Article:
Hanoi: Food Diary and Then Some

I didn’t expect to travel at all to Hanoi last year. To tell you the truth, Vietnam was never a country I was compelled to visit anytime soon. But nevertheless, it came as a pleasant surprise. I would say that the build-up leading to this trip was nothing short of ordained. I had a few off-in-lieu days to clear for work before September ended, and my husband, Andre, had a work trip scheduled during that period. “Join me in Hanoi,” he said. “Let’s get you a ticket and explore the city together.”

Having followed Anthony Bourdain’s footsteps around the world for more than a decade now, I know he held a soft spot for Hanoi. He always declared his love for the city, mentioning several times that it is one of his favorite places to visit and of course, to eat.

We booked my ticket, and I stayed up late all night doing research and plotting places on Google Maps to come up with an enjoyable itinerary for us. And by enjoyable, it meant relaxed, locally-focused, and well-fed.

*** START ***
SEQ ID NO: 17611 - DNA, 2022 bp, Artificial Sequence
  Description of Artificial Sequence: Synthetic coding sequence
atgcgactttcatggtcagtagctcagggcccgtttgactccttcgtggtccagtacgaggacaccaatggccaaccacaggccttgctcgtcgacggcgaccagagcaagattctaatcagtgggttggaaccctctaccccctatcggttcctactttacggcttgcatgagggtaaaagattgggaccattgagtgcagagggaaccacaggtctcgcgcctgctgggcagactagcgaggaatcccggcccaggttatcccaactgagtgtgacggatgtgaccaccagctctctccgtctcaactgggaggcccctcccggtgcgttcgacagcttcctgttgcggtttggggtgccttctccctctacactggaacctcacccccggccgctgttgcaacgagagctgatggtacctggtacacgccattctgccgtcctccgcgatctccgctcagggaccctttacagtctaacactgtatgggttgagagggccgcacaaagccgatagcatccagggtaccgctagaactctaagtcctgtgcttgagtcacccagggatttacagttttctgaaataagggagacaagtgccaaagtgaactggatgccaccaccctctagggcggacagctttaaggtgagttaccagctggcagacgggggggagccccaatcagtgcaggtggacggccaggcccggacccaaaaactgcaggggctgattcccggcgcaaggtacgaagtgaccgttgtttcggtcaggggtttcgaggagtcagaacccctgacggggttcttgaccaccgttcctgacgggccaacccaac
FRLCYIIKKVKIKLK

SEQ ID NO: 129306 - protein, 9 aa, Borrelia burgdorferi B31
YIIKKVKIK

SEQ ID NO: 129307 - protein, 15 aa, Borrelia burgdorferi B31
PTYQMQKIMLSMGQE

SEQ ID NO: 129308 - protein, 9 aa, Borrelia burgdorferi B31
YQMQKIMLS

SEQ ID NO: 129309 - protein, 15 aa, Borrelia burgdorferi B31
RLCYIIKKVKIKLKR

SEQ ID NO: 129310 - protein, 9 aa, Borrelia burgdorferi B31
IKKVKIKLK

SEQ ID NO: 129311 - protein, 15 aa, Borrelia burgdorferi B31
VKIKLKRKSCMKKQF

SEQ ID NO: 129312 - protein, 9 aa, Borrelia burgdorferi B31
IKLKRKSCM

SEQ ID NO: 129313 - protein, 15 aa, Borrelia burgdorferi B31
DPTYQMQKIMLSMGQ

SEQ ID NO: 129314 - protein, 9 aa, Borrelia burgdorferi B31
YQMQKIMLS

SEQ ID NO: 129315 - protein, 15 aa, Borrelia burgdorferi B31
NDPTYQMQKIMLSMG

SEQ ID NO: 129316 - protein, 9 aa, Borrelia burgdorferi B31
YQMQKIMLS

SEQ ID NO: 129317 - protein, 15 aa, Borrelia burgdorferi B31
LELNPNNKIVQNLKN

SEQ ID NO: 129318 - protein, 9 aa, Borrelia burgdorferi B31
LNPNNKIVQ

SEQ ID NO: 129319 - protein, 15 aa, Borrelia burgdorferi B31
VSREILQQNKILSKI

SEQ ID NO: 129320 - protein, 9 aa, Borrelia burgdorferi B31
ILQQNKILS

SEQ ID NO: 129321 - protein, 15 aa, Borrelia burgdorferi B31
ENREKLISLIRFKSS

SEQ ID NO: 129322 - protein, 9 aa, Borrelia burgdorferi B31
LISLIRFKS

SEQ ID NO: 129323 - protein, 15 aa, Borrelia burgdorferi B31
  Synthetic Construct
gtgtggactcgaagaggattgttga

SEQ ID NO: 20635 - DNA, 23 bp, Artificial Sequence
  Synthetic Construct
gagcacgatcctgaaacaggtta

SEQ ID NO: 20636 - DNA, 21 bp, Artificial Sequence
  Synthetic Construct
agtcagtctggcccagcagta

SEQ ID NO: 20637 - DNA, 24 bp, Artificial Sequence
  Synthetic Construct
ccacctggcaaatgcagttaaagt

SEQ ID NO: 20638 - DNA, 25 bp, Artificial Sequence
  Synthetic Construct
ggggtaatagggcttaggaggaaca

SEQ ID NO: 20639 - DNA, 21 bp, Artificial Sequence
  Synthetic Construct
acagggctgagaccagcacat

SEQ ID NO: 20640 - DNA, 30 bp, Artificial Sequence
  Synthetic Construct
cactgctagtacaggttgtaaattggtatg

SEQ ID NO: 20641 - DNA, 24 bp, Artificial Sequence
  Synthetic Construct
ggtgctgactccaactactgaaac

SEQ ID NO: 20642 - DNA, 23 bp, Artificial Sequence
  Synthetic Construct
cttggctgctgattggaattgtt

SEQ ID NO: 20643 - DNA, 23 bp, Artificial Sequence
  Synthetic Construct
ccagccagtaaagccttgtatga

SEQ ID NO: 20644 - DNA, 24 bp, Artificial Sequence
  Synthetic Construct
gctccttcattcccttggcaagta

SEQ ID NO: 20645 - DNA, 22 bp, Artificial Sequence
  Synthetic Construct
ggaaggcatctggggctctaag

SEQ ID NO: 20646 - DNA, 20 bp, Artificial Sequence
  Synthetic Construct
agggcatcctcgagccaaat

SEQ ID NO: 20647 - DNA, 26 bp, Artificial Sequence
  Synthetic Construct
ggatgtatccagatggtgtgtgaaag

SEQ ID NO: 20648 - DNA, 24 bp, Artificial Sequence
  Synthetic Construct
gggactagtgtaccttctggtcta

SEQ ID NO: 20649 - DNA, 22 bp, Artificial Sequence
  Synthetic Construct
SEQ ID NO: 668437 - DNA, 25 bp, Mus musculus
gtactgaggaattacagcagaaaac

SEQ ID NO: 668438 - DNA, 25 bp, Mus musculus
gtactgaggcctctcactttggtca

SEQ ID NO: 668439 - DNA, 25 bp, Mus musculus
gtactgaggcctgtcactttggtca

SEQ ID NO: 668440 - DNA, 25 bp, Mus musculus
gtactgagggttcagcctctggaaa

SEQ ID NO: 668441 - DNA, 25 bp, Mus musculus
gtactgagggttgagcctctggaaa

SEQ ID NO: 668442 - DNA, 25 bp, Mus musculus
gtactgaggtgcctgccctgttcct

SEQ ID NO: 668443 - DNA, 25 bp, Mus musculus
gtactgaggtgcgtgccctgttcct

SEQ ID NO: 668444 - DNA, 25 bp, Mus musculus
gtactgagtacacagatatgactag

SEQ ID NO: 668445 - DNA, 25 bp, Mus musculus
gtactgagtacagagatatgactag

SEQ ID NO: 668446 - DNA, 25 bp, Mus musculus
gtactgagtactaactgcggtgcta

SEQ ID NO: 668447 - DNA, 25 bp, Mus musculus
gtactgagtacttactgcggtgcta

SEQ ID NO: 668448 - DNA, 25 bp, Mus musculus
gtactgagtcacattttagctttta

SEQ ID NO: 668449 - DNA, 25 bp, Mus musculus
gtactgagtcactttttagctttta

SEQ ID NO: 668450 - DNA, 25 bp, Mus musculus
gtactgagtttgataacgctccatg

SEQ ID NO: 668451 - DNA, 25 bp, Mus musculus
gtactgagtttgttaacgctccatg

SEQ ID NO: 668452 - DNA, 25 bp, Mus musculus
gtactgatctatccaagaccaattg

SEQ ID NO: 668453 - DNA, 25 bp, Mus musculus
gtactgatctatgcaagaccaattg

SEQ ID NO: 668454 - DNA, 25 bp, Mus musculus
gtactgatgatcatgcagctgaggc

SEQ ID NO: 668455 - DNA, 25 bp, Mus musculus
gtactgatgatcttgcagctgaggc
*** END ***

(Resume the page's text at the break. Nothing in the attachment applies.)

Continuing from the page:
I’ve always believed that eating a country’s street food is one of the best ways to get to know its culture, and Hanoi is the embodiment of that philosophy. Tiny plastic chairs laid out on the street, delicious food everywhere; it is the epitome of street food culture—my senses went crazy.

1. Dry Chicken Pho

My favorite noodle dish in the world is Khao Soi, which is made with egg noodles and a coconut milk broth. Now that I’ve encountered this dry chicken pho, or Pho Ga Kho, I am completely torn. Not a bad problem to have.

I discovered this place after watching one too many Hanoi travel videos on YouTube, specifically The Best Ever Food Review Show. Oh man, this bowl of dry chicken pho is phenomenal!

It is a humble combination of rice noodles, pickled cabbage, shredded chicken, chicken skin, chicken fat, a homemade sauce (soy, sugar, and possibly more chicken fat), fried onion, crushed peanuts, and the usual accompaniments—basil, mint, and a slice of lime.

Looking at the bowl, it feels like a pale and tasteless pile of edible confetti, but upon the first bite, Andre and I looked at each other, eyes wide with joyous panic, and then, we silently ravaged our bowls clean.